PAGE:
The Photograph

by Lillian Ann Slugocki

The character I play is a woman who's been married for many years.  They live in a walk-up on East 12th Street, rent controlled.  On the outside everything looks normal, she sculpts on the weekends, and works for a jewelry distributor at Bergdorf's and he teaches art at a private school on the Upper East Side.  At one point, in the 80's, they were hip and cutting edge, but in middle age they are neither.  But beneath the surface of their normal marriage is a deep dark secret.  He forces her to sit for the same portrait every single day at exactly the same time of day.  He wakes her up at 3:15 a.m., and guides her to a chair by the kitchen window. Obediently, she takes off her clothes, and sits in the exact same pose.  Legs apart, hands on hips, looks straight into the eye of the lens.  He  turns on a clip lamp attached to an overhead bookcase, and grabs his camera.  This camera has changed over the years-- from Polaroid, to 35 millimeter, to digital, to the one he uses now on his iphone, and takes her picture.  She's never asked to see the images, and he's never offered.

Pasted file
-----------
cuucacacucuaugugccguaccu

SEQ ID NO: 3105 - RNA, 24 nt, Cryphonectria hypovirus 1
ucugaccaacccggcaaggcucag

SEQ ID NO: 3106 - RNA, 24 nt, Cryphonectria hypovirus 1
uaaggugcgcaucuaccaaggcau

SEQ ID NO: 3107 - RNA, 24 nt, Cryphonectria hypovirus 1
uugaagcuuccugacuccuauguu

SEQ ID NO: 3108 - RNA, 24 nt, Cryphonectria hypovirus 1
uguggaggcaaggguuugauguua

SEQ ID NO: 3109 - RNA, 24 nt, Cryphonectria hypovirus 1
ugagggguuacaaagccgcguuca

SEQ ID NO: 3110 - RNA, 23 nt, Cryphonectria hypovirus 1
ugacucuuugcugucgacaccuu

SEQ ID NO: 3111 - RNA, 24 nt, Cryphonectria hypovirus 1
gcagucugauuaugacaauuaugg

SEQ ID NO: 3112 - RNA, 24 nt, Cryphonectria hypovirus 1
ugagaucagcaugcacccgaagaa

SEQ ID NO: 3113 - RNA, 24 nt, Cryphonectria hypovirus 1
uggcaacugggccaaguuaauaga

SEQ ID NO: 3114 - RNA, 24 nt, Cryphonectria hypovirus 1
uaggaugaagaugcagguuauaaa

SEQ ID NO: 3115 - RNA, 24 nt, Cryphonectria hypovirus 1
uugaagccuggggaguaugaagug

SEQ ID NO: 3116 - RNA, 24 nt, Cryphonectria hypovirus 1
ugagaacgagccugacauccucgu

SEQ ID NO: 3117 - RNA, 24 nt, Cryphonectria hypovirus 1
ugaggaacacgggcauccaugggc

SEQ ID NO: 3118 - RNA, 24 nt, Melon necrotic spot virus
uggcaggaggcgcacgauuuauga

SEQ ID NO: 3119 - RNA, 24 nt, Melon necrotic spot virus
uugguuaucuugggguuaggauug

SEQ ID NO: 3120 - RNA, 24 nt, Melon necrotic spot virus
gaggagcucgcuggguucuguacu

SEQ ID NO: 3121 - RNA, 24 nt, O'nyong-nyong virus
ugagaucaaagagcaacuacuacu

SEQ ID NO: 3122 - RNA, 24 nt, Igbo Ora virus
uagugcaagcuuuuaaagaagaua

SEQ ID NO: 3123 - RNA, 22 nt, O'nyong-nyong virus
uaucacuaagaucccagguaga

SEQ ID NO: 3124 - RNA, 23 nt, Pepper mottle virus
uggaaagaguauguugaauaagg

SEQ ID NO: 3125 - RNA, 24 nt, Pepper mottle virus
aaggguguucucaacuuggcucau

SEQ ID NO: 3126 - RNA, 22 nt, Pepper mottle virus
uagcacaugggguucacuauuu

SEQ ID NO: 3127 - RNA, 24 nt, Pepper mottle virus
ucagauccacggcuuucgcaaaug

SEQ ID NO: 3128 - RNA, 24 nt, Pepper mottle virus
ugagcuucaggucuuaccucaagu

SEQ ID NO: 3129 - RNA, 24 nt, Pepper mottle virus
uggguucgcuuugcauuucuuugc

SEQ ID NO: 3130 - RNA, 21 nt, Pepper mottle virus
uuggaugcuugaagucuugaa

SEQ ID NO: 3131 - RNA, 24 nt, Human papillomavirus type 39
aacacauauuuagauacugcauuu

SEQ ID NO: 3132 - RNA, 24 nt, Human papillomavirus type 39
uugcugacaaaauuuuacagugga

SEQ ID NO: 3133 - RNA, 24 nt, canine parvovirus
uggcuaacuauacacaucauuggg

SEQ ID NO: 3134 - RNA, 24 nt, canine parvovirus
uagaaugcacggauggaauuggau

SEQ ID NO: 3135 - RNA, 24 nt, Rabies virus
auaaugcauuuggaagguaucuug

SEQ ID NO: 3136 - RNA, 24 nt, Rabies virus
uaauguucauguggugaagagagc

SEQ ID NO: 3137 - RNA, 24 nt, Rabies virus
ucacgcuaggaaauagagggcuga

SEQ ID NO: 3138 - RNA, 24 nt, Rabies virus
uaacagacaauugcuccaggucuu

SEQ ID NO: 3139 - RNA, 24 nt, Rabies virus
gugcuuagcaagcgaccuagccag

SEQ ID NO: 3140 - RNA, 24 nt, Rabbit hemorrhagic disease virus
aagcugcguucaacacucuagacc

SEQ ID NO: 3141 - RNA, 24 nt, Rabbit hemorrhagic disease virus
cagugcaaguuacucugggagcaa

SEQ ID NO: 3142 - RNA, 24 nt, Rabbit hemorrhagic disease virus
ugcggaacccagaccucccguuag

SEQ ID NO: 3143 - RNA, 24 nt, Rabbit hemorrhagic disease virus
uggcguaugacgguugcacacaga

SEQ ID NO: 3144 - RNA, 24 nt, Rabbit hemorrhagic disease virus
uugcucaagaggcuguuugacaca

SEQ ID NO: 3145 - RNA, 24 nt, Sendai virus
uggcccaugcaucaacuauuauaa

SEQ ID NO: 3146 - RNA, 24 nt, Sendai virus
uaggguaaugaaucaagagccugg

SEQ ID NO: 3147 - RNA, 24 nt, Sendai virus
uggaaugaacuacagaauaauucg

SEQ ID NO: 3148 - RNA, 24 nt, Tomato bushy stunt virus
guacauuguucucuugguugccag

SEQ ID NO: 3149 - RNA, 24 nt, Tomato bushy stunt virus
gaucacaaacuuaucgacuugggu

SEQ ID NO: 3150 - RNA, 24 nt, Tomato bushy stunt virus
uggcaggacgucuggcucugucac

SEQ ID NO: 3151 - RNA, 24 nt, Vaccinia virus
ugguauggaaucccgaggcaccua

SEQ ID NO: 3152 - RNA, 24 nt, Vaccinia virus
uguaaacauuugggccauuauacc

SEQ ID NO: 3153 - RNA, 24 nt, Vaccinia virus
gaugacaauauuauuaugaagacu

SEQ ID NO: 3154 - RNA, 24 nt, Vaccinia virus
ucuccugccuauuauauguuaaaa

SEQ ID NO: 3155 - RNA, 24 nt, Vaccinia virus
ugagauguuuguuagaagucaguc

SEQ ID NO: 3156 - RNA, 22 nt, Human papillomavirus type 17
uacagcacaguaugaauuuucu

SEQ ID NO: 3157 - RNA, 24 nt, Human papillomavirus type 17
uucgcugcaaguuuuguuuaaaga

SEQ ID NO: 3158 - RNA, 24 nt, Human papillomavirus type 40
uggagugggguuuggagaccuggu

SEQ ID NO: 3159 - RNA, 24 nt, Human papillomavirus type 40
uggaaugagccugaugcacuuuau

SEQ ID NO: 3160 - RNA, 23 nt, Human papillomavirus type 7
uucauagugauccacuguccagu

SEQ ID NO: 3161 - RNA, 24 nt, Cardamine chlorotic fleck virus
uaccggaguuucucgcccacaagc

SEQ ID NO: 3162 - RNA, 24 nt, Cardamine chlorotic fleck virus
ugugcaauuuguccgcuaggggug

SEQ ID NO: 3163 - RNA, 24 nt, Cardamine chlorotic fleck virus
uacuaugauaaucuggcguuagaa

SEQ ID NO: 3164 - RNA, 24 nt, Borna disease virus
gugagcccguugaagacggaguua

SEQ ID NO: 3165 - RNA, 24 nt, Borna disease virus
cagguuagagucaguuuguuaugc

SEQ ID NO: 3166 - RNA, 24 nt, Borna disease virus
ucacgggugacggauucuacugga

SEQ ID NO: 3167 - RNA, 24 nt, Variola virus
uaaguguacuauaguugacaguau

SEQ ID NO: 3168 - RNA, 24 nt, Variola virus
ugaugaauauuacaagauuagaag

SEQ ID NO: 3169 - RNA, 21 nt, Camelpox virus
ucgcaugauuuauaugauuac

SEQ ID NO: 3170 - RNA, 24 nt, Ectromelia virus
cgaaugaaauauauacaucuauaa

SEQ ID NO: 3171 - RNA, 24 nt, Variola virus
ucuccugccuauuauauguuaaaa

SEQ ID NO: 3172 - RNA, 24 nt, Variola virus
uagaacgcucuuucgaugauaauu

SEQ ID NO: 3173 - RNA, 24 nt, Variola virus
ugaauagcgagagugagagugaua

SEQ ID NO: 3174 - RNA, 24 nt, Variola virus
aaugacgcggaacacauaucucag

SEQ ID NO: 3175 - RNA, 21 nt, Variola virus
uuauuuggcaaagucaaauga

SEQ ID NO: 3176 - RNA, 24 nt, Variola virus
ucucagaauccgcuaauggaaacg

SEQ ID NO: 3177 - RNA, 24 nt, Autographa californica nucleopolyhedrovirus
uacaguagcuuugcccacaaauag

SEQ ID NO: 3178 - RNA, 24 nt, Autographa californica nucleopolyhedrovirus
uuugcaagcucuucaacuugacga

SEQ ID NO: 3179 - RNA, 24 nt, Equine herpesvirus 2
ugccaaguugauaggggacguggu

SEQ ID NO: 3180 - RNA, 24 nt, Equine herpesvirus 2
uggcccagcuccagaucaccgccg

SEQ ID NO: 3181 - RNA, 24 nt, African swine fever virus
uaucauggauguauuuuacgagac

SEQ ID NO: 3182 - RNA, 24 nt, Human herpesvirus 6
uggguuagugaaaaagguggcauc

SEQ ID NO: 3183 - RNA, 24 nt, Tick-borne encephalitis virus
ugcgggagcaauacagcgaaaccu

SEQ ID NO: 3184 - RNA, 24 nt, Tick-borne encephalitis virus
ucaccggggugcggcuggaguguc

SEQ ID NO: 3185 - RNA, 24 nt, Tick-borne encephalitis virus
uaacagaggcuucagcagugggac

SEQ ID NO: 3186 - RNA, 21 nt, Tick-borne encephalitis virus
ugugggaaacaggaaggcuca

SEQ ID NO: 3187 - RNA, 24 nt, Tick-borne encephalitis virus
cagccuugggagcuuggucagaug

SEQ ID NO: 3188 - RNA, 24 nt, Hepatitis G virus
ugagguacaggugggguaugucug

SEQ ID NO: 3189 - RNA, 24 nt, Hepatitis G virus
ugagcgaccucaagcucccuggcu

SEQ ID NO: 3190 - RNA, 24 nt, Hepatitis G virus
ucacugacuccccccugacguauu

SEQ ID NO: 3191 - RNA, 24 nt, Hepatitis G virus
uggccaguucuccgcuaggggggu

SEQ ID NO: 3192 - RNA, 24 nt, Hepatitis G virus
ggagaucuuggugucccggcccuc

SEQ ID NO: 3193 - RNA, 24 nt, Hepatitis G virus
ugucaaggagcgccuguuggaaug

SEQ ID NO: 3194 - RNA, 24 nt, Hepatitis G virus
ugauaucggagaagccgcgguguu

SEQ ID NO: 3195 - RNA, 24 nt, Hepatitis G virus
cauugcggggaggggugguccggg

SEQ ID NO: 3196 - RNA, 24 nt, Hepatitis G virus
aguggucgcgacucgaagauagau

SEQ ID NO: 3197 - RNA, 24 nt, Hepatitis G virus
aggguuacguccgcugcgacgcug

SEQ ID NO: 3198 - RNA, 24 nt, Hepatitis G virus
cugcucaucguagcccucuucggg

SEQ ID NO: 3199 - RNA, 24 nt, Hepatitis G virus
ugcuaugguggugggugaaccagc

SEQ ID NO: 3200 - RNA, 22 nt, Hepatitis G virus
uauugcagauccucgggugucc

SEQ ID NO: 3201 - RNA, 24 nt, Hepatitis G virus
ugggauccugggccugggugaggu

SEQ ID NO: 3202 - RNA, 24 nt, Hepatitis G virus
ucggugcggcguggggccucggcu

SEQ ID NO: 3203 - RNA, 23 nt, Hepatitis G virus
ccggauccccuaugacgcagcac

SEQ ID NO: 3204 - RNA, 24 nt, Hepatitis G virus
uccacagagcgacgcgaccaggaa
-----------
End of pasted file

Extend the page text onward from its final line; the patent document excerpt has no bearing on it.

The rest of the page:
She's not a weak woman at all, she's very strong and very intelligent.  And the movie turns on why she allows this to happen, and the question of whether or not it is something that she can stop, or even wants to stop.  She doesn't like waking up in the middle of the night. She doesn't like taking off her clothes, and having her picture taken.  Thirty years ago, her tits were small and her waist was tiny, but now at 50 her body is falling apart, and she's getting more and more uncomfortable.  She knows what precipitated this ritual-- or, at least, she thinks she does, but it's not something she likes to think about-- and in fact goes out of her way to not think about it.  But if he's been photographing her for almost thirty years, there must be close to 11,000 images.  During the session, they don't speak.  And, after so long, words are not really necessary.